Archive for April 14th, 2009

Google Maps 3.0 for Mobile with My Location (beta)

Tuesday, April 14th, 2009 by Gianni Fettarappa

The new “My Location” (beta) feature on Google Maps for mobile helps an individual to determine his location on the map, even if his phone doesn’t have GPS. He just need to press [0] to move the map to the approximate location… Cell ID (cell tower) location detection takes care of the rest. The detection algorithm has been improved and exploits the relative power of the radio signal received by two cell towers  in the vicinity to precisely determine the location.
This is another tile in the growing patch-work of our information based life, and, correspondingly, another type of information that can be associated to our life.

 

Mash ups for User Profiles

Tuesday, April 14th, 2009 by Roberto Saracco

A Telecom operator, which enables users to browse the web, may now have the possibility to create a new innovate service using mash up technologies. 

The starting point is that when users are online on the Internet the personalization of services, content and user interactions are seen as key to a superior customer experience.  Giving this superior users experience means the Telecom Operator must build and maintain accurate models of a customer’s preferences, interests, background, etc., i.e. a user profile.

But to obtain better insight into customers’ behavior we need to look further the normal interaction with our customer and its’ history navigation: we need to look at all the user’s interactions and preferences with other services distributed perhaps across multiple web sites or service touch-points.

It’s a sort of looking the “out-of band” profile information: it’s a more holistic user profiles.

Let’s take a look in what’s behind this concept: consider a merchant’s web site who would like to personalize offers for his customers (in US we could also say coupons): most factors affecting a customer’s purchase decisions occur outside the scope of the merchant website!   And the “out-of-band” information in this case has a significant impact on what, when and how customers buy and includes customers’ social/life events, data from online calendars, online shopping lists/wish lists, customers personal information management systems, social network recommendations etc; this information  rely on external user’s behavior!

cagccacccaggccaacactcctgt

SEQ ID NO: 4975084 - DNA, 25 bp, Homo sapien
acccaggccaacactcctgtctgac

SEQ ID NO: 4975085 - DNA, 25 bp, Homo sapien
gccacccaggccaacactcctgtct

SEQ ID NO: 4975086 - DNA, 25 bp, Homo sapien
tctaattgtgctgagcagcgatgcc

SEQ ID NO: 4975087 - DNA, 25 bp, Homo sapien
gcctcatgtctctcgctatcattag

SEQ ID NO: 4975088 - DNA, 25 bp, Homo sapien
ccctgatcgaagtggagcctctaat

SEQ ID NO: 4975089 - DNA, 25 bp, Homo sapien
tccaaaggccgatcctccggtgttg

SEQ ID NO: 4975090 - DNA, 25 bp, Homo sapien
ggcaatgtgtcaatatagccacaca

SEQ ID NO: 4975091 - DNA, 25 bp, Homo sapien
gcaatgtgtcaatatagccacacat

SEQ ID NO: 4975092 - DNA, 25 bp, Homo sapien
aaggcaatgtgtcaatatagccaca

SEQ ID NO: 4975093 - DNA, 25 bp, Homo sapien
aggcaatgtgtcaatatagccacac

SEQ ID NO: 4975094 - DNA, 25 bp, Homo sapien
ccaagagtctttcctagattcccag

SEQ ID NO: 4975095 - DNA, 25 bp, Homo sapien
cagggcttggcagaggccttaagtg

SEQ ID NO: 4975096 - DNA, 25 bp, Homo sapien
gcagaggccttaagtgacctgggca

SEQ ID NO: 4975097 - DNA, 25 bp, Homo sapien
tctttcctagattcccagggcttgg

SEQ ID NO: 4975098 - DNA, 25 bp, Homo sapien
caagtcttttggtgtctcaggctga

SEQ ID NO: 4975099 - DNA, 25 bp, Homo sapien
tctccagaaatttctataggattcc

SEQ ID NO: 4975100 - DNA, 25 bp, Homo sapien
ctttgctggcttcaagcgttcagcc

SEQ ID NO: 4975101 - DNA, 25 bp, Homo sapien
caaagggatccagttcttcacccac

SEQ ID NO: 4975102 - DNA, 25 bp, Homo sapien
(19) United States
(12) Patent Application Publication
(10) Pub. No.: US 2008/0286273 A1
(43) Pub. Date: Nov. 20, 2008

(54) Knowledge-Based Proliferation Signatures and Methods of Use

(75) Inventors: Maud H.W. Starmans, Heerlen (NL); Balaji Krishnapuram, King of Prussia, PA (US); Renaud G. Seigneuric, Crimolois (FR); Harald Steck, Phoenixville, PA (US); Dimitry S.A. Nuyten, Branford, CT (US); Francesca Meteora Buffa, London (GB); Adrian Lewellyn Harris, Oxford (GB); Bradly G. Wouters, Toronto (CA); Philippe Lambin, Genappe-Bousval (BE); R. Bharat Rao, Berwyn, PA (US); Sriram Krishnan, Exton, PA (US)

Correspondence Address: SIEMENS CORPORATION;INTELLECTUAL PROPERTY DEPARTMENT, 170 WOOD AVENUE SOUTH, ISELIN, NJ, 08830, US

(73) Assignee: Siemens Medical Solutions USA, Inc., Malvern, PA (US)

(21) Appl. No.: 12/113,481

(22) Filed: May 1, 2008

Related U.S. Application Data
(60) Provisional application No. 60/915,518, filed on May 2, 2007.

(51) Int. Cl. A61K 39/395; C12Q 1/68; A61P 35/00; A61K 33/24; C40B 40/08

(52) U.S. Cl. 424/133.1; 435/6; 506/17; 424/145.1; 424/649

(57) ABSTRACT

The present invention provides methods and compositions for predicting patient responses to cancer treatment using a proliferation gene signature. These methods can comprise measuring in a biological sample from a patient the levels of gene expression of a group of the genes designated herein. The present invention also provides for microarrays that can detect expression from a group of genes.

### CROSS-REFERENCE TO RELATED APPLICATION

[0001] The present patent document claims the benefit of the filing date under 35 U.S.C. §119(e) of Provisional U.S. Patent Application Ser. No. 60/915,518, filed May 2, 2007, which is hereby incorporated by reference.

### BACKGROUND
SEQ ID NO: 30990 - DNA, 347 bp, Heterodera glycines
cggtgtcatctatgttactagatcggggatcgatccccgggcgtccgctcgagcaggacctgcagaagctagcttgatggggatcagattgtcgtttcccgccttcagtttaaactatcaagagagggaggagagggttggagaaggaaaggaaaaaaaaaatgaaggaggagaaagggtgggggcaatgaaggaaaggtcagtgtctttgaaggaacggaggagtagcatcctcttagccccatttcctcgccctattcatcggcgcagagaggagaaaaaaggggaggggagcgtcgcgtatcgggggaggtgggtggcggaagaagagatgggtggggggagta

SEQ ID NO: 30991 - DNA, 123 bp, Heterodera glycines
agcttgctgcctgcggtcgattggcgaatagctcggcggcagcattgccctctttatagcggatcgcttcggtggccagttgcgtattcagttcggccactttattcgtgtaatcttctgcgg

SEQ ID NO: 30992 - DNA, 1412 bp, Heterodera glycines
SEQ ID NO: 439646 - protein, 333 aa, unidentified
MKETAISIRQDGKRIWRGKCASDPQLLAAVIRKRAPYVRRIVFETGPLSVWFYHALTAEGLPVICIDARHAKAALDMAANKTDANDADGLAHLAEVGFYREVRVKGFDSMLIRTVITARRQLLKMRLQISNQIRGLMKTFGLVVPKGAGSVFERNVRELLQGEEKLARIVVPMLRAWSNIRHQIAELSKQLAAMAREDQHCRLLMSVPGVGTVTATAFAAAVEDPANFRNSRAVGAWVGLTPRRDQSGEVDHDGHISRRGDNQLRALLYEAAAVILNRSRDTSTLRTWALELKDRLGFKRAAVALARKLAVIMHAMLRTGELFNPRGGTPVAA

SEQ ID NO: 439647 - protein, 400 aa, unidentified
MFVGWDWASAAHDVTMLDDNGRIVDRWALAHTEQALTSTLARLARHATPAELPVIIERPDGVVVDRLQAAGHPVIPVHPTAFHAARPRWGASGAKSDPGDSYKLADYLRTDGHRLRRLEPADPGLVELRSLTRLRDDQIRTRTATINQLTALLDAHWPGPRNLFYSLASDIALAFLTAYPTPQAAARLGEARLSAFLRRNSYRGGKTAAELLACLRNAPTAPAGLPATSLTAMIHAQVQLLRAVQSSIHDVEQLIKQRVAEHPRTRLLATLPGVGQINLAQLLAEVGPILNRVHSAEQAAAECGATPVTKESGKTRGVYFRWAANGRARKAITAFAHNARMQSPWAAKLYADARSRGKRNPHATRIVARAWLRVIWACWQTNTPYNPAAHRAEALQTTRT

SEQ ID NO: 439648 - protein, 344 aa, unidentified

Now, building this holistic view of a customer is extremely hard, because the sources of this out-of-band information are diverse, typically distributed though the web and with different schemas and semantics hindering aggregation and sometimes reuse.

What if merchants could have this information!!! Consider that today they only have past shopping history sometimes correlated with demographic identifiers.

 

 

 

 

 

Could telecom operators build thess users profiles? Yes, they can!

For now…it’s enough.  Stay connected….

3D printing is coming to your living room, with a twist

Tuesday, April 14th, 2009 by Roberto Saracco

Makerbot Industries, http://makerbot.com, is a new company offering you the possibility to buy, at an affordable 500$ price, a machine that can print 3D plastic objects.

Makerbot Home Page

Makerbot Home Page

Nothing new, but the price. It is now several years that industries are using 3D printers for prototyping complex parts, from automotive industries to Apple. These prototypes are basically created to let designer have a more realistic feeling on their design. In general they are not “working” pieces and the reason is not technology but economics. It is so much cheaper to use the standard production processes to create product (leveraging on economy of scale, that it really doesn’t make economic sense to use 3D processing. For prototypes that’s ok, actually is better. Prototypes do not enjoy economy of scale (they are unique) and quick production is what really matters. This is provided by 3D printing machines.
However, when we think about a “market of one” economy of scale crumble and 3D printing may become the way to go. Here is where Makerbot Industries come in.

At the University of Bath prof. Adrian Bowyer has founded RepRap (check it up on Wikipedia). The idea is to have a replicating machine that can produce things based on instructions provided by a computer. Replication is just one of the many products that the machine should be able to produce. So far it can produce products made of plastics but new models will be able to produce metal and ceramic parts as well. Replication? Well, last year the machine has been able to generate a “child” (but only in terms of the parts needed to assemble a child).

It is interesting to note that the whole project is based on an open lab concept. Thus it aims at creating an ecosystem. There are now over a hundred of RepRaps around the world and a growing community of independent designer adding functionalities, creating different products templates (coat hanger, door handle, fly swatter, cogs, martini glasses, sandals…) and expanding the concept.RepRap User map as of April 2009